Norman Baker: the coalition government's envelope pusher

Norman Baker thinks that David Kelly’s death was part of a state conspiracy and still resents the Lib Dem betrayal over student fees. Will his promotion to the Home Office tame him?

When I meet Norman Baker in the Regency Café, MPs’ greasy spoon of choice in Westminster, he is busily devouring a large portion of buttered toast. The Liberal Democrat MP is refuelling for another day in what he calls “enemy territory”. Baker’s appointment as Home Office minister, after three and a half years at the Department for Transport, was the most contentious of the recent reshuffle. The promotion of a man best known for suggesting that the British security services may have covered up the murder of the government scientist David Kelly was said to have left his boss, Theresa May, “spitting tacks”.

Baker does not attempt to hide the extent of his disagreement with the Home Secretary, describing the atmosphere as “hostile”. “It’s no secret that the Home Office is quite a political department and that the Lib Dems and the Tories probably have more challenges in reaching common positions in that department than in many others,” he tells me. “I think the Conservatives will probably say that because of the external threats we have to have more security than liberty and we have to sacrifice a bit to achieve that. We start at the other end; [we think] that liberty is a precious thing and it’s always possible for someone to say, ‘Give me some of your liberty and I’ll give you more security.’ And going down that road is quite dangerous.”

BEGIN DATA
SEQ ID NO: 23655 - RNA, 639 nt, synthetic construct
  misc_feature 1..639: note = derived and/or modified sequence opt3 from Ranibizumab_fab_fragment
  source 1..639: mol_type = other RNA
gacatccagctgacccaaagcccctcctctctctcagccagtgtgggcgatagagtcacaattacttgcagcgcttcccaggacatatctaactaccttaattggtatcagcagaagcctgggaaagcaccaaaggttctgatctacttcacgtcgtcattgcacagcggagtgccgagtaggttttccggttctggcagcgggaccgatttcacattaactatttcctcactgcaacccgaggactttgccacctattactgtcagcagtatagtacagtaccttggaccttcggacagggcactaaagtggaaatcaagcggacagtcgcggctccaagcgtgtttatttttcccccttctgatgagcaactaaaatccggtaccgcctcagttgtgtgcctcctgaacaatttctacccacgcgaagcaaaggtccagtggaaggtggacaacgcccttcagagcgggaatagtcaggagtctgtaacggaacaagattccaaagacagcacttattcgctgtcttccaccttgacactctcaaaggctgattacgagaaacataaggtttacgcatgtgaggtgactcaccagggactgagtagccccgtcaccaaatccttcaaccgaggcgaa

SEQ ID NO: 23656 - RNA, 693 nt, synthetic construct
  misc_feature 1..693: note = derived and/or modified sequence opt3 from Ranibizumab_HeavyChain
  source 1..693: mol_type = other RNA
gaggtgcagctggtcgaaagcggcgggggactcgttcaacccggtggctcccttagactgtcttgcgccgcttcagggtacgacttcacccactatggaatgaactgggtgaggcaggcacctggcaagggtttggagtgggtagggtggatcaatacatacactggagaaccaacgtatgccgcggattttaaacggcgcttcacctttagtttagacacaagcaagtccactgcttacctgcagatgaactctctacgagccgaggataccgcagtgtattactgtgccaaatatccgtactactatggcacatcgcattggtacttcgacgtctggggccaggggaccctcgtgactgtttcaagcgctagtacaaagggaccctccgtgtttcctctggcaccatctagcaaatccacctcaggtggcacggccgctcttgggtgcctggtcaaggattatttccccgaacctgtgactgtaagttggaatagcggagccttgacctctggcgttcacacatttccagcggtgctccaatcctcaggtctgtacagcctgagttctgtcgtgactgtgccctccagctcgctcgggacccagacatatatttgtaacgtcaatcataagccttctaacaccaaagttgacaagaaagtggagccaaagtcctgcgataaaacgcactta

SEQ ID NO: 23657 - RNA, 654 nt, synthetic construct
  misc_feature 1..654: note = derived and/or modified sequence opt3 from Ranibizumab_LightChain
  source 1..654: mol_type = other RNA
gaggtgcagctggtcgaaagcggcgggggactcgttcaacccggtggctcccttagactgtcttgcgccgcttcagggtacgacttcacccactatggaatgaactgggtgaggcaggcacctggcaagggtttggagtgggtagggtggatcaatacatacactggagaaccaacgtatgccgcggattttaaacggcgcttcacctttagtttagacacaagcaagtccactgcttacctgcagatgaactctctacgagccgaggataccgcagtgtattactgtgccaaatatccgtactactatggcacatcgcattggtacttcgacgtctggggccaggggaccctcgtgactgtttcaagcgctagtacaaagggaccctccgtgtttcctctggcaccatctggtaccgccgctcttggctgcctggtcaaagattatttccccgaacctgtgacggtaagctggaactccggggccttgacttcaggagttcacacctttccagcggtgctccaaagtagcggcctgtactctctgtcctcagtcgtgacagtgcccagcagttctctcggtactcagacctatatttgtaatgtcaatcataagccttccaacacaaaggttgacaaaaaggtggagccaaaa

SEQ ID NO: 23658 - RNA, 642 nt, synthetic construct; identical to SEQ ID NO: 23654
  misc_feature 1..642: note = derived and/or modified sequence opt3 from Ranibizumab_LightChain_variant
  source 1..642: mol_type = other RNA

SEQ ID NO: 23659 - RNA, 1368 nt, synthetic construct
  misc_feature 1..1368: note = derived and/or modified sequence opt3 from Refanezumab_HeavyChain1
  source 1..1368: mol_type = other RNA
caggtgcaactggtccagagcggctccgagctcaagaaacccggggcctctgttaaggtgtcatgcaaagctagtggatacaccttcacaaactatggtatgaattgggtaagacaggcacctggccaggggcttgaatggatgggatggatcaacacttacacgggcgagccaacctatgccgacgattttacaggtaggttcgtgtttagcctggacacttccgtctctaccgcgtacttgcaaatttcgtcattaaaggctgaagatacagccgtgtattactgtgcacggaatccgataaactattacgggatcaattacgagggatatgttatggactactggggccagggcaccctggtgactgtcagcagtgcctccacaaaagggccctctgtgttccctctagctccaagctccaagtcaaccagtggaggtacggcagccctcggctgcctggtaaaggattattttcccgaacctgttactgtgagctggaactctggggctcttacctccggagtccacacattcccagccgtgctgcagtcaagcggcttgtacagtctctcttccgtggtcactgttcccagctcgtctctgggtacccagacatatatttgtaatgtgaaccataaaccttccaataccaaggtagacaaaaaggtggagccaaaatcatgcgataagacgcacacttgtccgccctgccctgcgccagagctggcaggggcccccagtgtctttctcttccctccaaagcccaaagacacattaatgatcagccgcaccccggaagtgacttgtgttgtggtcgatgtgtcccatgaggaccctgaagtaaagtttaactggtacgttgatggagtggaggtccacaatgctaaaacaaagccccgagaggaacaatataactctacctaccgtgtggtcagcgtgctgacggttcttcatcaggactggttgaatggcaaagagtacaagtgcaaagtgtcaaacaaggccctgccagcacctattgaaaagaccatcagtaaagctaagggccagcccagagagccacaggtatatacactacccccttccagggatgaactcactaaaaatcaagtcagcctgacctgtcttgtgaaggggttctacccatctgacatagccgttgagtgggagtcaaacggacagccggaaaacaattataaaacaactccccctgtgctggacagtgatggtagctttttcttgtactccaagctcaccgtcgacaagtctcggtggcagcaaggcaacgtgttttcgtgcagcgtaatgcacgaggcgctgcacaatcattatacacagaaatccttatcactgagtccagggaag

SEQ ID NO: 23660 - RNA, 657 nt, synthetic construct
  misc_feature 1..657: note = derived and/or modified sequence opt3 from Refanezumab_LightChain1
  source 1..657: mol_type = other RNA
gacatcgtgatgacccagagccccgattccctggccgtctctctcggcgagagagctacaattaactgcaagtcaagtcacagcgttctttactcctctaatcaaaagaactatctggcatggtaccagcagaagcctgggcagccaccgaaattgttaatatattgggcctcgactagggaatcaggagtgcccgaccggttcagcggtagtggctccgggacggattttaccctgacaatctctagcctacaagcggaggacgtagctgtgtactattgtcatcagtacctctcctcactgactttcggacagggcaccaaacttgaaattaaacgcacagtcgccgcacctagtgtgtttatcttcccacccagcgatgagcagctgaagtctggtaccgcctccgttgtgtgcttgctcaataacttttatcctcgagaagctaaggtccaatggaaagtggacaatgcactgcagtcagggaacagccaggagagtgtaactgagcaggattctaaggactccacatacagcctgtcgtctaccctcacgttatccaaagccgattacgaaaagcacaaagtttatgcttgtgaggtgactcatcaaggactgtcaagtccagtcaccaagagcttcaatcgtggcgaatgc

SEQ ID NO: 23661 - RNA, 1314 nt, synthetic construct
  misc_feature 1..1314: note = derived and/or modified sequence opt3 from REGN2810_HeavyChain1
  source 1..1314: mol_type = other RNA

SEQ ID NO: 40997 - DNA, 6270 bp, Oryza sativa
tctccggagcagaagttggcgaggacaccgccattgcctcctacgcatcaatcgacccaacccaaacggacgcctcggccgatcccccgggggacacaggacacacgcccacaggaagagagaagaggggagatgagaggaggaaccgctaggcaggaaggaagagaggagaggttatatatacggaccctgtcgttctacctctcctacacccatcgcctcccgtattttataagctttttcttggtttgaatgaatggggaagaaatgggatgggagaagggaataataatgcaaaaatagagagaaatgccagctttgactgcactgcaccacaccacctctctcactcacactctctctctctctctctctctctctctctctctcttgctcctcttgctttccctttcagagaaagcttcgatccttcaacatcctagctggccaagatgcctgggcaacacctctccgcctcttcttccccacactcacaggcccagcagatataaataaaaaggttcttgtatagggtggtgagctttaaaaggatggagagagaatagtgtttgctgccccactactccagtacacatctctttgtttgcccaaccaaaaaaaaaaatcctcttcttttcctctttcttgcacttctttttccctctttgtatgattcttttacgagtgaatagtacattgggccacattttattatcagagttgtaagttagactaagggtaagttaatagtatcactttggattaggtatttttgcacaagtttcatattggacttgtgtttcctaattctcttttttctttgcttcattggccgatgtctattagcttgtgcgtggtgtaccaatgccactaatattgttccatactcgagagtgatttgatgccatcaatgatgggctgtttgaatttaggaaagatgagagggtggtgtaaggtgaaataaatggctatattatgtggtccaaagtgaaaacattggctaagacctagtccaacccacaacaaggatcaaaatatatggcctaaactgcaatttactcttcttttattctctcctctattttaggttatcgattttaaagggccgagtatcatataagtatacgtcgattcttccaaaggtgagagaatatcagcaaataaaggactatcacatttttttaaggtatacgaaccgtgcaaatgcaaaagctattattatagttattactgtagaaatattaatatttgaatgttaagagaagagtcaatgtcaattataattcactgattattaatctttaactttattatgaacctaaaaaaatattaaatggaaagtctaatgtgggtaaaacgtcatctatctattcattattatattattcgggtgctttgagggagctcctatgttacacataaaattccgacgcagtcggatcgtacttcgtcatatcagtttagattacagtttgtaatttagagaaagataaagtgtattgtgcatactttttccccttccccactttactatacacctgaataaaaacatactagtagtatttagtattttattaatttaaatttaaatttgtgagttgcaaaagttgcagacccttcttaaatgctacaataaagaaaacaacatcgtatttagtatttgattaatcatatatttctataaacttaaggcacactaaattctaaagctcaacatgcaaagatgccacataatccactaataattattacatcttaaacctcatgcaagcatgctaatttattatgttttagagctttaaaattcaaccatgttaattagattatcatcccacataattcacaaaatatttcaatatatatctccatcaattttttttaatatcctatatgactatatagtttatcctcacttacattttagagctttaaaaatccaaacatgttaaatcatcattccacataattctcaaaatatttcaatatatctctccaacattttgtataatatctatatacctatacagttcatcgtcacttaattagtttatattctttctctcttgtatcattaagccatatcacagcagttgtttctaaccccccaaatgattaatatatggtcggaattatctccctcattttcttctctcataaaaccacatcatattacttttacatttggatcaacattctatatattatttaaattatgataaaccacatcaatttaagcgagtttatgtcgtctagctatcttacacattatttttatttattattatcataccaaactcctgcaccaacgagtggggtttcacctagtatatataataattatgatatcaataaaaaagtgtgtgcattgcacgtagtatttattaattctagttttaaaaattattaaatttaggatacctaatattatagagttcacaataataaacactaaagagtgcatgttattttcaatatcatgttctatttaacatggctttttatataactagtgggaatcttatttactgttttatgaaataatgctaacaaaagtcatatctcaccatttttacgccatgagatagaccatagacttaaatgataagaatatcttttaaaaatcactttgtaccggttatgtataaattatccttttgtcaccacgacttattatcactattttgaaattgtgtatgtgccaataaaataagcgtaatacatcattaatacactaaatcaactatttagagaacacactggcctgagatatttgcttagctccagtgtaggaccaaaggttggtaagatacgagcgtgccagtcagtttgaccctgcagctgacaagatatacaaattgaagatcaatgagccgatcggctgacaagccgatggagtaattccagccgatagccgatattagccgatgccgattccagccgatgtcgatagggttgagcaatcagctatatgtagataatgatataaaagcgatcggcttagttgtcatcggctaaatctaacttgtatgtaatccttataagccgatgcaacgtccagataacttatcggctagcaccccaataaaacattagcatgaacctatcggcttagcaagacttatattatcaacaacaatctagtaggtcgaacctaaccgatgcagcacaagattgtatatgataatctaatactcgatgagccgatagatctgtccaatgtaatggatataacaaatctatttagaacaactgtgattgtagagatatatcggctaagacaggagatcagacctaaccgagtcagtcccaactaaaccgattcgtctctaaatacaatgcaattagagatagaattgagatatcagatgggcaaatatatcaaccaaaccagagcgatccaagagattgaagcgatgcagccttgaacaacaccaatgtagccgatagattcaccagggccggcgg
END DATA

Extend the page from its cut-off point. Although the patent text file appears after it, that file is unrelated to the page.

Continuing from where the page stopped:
When I ask him whether he would like to see an inquiry into the allegations of mass surveillance by the British and US intelligence services, he replies without hesitation: “Yes. In my view, it’s perfectly reasonable for the Guardian to raise questions about the balance between the state and the individual to take account of the fact that technology has moved on a huge amount and the law was drafted when we didn’t have the means of communication we do now – Skype and everything else – and the capacity of the security services, or the Americans, to engage in trawling for stuff.”

It is just 13 minutes before I succumb to the temptation to ask him whether he still favours a new public inquiry into Kelly’s death. So exercised was Baker by the event that he stood down from the Lib Dem front bench in order to devote a year to writing a 424-page book (The Strange Death of David Kelly) on the subject. “People who attack it by and large haven’t read it,” he says. “And I’d like them to come back and deal with the facts, if they want to deal with the facts, ten years on, but I concluded in 2007 that it was unfinished business and nothing much has moved since then.” Will he use his new berth at the Home Office to lobby for an inquiry? “What would have to happen is: the Attorney General would have to reopen the inquest, which was absurdly curtailed. So that’s a matter for him.”